SMEs fail to care for customers in recession
Customers of the UK’s small businesses are demanding greater levels of service for the same or less cost from SMEs struggling in the recession, new research reveals today.
The study, Who Cares?, by online business insurance comparator simplybusiness.co.uk finds that although SME bosses are increasingly worried about losing customers, most are prioritising finding new business over caring for existing clients.
Customers become more demanding
Three quarters (78%) of SMEs are experiencing demands for greater levels of service for the same or less cost from customers.
Around two-thirds (64%) of small business leaders believe this is because clients know their custom is greatly needed in this difficult economic environment.
Additionally, customers are paying later – a third (33%) of SMEs highlighting an increase in late payments during the last six months.
As a result, around one in five (18%) SME bosses feel that customers’ increasing demands during the recession are having a negative impact on their relationships with them, and over a third (34%) feel this is placing greater stress and pressure on their workforce.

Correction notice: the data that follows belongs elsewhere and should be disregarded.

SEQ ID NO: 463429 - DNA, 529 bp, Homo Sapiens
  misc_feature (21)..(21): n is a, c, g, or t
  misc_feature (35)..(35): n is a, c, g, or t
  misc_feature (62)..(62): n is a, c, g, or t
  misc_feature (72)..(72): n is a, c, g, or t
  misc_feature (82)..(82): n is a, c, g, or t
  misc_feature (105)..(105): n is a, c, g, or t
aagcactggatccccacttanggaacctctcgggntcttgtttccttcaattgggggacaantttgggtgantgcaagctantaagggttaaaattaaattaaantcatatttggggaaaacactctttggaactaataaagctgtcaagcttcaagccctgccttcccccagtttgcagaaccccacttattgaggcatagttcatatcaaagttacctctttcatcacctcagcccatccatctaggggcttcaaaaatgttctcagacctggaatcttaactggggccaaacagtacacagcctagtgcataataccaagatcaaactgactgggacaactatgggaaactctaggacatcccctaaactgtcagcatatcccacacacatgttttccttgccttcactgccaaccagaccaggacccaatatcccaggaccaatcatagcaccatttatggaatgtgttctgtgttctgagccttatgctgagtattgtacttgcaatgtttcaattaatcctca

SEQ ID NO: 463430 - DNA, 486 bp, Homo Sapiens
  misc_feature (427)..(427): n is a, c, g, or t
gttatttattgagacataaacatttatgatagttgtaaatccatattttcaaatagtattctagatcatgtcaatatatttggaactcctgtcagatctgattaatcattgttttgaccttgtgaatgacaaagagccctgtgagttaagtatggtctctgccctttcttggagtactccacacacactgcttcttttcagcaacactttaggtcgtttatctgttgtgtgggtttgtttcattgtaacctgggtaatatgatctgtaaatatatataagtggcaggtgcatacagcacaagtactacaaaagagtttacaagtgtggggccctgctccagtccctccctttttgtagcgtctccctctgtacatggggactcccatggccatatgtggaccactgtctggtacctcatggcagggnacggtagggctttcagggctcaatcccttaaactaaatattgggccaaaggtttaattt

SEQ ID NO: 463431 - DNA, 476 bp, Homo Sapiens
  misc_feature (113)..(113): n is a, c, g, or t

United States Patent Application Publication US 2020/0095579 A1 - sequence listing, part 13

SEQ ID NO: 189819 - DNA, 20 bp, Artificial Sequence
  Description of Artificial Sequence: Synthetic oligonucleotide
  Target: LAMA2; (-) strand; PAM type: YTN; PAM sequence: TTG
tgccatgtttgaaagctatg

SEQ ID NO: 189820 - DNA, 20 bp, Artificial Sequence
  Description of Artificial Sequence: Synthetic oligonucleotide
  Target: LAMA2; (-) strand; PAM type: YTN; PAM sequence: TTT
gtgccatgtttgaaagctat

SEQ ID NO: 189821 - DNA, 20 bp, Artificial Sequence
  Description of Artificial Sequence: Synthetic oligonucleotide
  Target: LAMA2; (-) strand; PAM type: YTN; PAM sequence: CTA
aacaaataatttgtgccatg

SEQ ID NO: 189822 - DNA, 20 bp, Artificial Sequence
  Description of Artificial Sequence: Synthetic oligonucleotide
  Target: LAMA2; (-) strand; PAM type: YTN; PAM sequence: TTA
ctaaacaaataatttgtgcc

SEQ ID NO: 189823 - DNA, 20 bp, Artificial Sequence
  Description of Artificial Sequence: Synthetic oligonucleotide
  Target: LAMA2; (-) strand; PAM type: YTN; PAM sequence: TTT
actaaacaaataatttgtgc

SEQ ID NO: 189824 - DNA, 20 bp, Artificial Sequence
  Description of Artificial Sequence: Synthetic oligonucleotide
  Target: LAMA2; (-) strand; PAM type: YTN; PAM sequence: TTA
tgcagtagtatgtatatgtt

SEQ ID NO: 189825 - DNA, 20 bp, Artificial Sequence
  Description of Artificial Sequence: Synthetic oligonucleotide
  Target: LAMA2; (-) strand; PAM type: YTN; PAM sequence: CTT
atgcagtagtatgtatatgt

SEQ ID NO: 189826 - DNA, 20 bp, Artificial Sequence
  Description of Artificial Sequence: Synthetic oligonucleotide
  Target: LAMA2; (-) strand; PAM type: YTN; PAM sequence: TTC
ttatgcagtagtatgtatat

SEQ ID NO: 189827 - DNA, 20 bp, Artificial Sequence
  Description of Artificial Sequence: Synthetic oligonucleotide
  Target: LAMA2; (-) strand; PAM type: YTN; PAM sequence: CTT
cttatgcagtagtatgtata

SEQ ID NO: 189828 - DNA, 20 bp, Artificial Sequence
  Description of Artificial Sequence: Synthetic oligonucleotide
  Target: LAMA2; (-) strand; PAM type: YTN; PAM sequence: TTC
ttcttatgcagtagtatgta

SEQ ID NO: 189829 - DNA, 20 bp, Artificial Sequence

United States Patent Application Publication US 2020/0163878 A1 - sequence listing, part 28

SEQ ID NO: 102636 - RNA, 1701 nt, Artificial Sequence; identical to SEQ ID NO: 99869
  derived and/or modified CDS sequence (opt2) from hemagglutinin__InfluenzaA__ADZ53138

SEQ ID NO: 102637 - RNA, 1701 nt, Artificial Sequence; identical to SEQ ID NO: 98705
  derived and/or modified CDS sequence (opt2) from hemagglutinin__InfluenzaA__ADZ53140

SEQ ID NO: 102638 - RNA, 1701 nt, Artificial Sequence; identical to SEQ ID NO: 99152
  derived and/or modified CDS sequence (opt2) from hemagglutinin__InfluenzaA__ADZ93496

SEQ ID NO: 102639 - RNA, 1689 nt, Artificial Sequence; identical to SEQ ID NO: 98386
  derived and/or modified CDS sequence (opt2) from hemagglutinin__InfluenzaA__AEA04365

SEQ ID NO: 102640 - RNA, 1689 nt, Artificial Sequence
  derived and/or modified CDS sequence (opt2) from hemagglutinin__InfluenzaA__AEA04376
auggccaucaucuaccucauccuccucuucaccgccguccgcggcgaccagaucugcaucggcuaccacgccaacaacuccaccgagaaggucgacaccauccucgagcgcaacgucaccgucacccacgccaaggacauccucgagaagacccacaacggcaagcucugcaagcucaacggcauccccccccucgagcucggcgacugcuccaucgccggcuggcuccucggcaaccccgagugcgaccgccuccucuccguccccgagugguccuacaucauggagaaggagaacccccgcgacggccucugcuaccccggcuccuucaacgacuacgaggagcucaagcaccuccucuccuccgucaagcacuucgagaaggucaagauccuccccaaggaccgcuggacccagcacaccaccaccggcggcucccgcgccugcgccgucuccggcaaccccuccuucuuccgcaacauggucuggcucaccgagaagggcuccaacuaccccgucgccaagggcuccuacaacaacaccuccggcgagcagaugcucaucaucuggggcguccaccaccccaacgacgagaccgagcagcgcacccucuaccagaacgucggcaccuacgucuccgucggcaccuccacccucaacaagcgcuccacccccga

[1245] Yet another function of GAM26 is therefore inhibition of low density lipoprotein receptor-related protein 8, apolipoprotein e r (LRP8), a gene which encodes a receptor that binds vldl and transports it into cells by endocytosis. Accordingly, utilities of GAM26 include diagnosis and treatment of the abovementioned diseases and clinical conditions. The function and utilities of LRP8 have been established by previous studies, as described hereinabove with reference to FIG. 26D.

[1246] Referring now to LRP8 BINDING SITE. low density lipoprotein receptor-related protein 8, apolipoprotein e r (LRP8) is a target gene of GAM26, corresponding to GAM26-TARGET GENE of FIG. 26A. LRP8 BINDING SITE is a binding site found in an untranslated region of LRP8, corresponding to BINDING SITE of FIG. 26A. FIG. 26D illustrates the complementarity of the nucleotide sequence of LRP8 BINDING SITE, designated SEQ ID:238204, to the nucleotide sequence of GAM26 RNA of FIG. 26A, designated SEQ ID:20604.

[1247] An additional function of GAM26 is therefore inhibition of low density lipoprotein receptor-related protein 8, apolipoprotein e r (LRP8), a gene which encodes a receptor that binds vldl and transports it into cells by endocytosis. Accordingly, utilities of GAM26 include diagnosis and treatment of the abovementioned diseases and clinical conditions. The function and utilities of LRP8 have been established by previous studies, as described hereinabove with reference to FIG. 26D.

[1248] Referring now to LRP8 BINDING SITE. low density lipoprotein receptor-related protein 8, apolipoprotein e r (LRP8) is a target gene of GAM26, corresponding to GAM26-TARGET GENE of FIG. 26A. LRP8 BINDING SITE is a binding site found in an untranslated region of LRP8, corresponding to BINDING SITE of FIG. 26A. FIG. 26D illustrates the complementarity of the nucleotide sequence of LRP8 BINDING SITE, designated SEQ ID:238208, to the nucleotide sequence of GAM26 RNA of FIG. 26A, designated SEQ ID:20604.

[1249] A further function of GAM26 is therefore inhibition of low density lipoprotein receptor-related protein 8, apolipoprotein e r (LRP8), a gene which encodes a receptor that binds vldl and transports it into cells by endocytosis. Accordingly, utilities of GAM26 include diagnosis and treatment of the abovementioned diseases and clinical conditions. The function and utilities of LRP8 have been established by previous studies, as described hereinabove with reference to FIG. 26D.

SMEs do nothing
Over a third (38%) of SMEs have lost customers as a result of the recession and almost half (48%) of entrepreneurs are worried about losing more.
Yet despite these findings, less than a fifth (17%) of SMEs plan to place a higher priority on offering good customer service in the recession. Indeed, only a fifth (20%) have increased spend on customer retention compared with last year.
Small firms are prioritising finding new business over taking care of existing customers. Only 18% of companies are spending more business time on customer retention this year, compared to nearly double that amount (30%) that have increased time spent on hunting for new business.
Tony Deacon, Chief Executive, simplybusiness.co.uk, said: “A telling impact of this recession is the power it has given back to customers.
“They know that small businesses are crying out for custom and, as a result, it’s very much a buyer’s market.
“Small businesses need to focus on customer service if they are to survive in this most challenging of markets.
“Not enough SMEs are actively working on retaining their customers. It is vital that more of an effort is made to keep clients happy whilst actively seeking out new custom.
“If small firms fail to act, they should be prepared for their business to fail.”